Lamont’s budget offers another round of tax amnesty

Gov. Ned Lamont speaking about the riots in Washington, D.C., on Wednesday, Jan. 6, 2021.

MARK PAZNIOKAS :: CTMIRROR.ORG

Gov. Ned Lamont

Whenever Connecticut has a hard time balancing its budget, it — ironically — turns to those who have a hard time paying their taxes.

This is another one of those years. Gov. Ned Lamont’s latest biennial budget proposal calls for Connecticut to offer its seventh tax amnesty program since 1990.

Connecticut already is tied with Louisiana and Massachusetts for easing penalties on tax delinquents most frequently over the past three decades, according to the Federation of Tax Administrators, a coalition of states’ top tax offices.

If lawmakers embrace the governor’s proposal, Connecticut would stand alone at the top.

But while Lamont’s fellow Democrats have been quiet about the latest amnesty pitch, which waives penalties and caps interest at 3% over each of the next two fiscal years, Republican lawmakers are asking questions.

“There’s this tendency to look for the money under the sofa cushions” when times get tough, said Rep. Holly Cheeseman of East Lyme, ranking House Republican on the Finance, Revenue and Bonding Committee. But, she added, “are we actually getting the tax dollars in return?”

Cheeseman is referring to Lamont administration projections that if penalties are eased on tax delinquents, Connecticut will collect an extra $40 million next fiscal year and an extra $36 million in 2022-23.

This is a half-century cultural problem.”— Ken Girardin, director of policy and research for the Yankee Institute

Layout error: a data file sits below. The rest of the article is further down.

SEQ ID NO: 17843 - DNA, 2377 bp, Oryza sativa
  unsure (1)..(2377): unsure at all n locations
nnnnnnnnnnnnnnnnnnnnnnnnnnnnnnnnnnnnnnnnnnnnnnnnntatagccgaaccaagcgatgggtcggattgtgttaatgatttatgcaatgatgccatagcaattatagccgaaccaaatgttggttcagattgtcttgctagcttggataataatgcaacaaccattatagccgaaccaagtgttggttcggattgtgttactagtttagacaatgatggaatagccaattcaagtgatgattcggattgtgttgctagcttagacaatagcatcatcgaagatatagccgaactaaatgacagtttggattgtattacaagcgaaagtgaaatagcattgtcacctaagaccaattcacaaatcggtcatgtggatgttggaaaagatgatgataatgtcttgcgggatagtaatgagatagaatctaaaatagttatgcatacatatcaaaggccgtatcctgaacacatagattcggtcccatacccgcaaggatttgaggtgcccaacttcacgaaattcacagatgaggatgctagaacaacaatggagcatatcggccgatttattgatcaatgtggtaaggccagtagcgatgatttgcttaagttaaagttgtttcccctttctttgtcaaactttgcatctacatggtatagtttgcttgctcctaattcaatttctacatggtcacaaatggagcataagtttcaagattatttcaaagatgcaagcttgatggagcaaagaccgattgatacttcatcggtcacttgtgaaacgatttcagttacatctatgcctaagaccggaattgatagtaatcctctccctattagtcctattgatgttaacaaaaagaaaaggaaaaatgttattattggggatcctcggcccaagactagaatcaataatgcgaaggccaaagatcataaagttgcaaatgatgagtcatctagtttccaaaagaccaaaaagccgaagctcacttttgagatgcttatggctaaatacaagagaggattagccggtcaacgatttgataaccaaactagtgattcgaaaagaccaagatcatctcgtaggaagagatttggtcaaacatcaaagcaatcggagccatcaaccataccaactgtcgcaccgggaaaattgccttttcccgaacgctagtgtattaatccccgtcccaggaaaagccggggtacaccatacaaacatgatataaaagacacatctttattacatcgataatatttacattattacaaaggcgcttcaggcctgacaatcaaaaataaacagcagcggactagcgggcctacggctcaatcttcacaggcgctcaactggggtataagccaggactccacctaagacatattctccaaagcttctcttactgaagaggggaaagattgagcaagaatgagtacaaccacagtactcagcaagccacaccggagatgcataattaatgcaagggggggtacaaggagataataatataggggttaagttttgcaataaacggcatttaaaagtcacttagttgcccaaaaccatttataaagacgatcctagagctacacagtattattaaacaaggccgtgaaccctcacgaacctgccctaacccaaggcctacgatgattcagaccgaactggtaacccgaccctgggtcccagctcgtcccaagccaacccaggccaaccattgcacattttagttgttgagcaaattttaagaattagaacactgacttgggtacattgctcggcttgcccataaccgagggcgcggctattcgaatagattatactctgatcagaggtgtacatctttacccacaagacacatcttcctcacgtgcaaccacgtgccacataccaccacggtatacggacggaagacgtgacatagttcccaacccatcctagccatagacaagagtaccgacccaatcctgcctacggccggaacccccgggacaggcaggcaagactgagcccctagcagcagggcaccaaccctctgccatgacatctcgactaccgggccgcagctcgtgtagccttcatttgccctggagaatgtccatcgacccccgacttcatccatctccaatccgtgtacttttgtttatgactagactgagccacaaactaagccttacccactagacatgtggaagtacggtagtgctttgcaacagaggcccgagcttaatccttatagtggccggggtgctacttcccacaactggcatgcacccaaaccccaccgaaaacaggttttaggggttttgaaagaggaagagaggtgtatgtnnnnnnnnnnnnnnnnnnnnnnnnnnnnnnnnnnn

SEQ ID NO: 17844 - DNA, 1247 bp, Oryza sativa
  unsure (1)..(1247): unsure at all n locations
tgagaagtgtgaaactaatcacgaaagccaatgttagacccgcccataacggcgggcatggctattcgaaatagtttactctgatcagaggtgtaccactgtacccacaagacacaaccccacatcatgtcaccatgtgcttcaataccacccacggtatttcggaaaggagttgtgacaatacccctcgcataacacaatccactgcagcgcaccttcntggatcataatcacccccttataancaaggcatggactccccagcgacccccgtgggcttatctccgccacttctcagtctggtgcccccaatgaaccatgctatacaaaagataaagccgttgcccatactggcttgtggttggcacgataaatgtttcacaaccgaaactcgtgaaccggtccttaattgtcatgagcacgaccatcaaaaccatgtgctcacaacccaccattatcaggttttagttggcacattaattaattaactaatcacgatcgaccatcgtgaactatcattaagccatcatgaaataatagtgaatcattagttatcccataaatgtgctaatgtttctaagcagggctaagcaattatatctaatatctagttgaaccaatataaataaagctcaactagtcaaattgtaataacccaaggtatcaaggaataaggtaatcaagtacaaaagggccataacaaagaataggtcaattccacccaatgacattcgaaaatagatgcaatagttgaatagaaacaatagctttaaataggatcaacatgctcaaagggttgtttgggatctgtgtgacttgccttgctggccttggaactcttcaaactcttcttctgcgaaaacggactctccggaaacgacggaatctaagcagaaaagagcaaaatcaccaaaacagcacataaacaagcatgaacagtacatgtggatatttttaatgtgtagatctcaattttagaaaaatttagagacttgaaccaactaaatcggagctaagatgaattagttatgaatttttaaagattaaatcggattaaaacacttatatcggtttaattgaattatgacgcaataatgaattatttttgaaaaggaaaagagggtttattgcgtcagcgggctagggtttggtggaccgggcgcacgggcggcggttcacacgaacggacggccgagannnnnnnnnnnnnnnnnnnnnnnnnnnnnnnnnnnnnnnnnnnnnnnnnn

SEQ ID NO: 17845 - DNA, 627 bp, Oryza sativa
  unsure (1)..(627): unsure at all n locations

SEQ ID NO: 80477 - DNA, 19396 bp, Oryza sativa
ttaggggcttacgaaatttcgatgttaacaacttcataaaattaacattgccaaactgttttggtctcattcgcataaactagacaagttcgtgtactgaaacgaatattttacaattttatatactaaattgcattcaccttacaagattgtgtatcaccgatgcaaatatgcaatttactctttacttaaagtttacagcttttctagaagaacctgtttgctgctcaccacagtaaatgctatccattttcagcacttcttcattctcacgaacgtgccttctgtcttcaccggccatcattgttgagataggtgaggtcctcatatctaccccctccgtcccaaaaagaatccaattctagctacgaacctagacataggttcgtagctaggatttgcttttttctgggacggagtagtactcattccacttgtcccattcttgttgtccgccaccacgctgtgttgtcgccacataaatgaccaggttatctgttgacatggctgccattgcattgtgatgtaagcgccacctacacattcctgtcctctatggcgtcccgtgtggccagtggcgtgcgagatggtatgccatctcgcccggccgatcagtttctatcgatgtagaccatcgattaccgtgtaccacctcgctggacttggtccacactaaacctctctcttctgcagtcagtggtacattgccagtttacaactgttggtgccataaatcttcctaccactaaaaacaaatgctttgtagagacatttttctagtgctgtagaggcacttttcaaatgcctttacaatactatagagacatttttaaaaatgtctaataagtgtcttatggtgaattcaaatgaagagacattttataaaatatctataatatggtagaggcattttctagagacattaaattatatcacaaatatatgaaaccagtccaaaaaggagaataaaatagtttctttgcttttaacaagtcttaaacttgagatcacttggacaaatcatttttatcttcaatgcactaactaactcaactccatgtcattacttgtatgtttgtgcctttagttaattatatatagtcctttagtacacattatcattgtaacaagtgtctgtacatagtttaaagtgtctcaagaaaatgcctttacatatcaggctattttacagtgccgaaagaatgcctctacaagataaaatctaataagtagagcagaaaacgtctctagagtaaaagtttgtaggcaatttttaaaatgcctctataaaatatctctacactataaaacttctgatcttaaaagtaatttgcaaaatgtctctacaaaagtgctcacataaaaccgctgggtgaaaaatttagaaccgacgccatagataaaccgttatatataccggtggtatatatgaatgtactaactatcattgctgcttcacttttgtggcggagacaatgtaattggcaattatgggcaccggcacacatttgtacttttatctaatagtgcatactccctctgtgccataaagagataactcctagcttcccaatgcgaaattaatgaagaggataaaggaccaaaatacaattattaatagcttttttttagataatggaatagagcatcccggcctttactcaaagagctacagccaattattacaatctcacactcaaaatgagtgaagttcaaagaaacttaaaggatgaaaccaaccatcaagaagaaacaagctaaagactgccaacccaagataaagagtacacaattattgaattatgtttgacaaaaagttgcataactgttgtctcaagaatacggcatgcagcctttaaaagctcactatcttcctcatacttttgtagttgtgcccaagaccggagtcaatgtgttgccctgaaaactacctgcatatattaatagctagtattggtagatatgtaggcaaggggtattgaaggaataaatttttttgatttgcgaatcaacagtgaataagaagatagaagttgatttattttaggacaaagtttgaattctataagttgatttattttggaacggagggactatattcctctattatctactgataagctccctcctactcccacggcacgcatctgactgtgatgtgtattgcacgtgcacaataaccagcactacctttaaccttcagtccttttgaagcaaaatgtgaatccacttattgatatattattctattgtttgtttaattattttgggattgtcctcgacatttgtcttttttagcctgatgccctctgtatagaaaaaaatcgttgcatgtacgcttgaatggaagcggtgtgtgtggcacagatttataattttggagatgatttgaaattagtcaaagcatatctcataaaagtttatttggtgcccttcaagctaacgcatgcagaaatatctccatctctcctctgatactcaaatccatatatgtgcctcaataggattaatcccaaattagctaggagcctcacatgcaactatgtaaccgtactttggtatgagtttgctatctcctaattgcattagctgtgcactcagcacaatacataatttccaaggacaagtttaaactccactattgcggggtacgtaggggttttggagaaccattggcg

But how many delinquent dollars might have been paid on time if Connecticut didn’t offer amnesty programs again and again? The state rolled out those programs in 1990, 1995, 2002, 2009 2013 and 2017.

Given that history, “could an accountant advise his client: ‘Why don’t you just hold off’ paying your overdue taxes?” asked Sen. Henri Martin of Bristol, ranking Senate Republican on the finance panel. “That could well happen.”

Both Martin and Cheeseman said they would like to see more data from the administration as well as an analysis of past programs. The key question, they added, is whether these programs are primarily helping those in real need or are being abused.

“We’re the land of broken promises and picking winners and losers,” Cheeseman added. “You pick the cliché and you’ve got it, and this may be a very good example of that.”

Mark Boughton, who became Lamont’s commissioner of the Department of Revenue Services just a few months ago, said he understands legislators’ concerns about the relative frequency of the amnesty programs.

But Boughton also said the current administration intends to use this program to ensure greater tax fairness in the long run.

The department estimates that only 60% of people who owe income taxes to the state actually pay their full liability each year. Many underpay and others don’t file at all. Boughton said he did not know how much money owed to the state goes uncollected each year.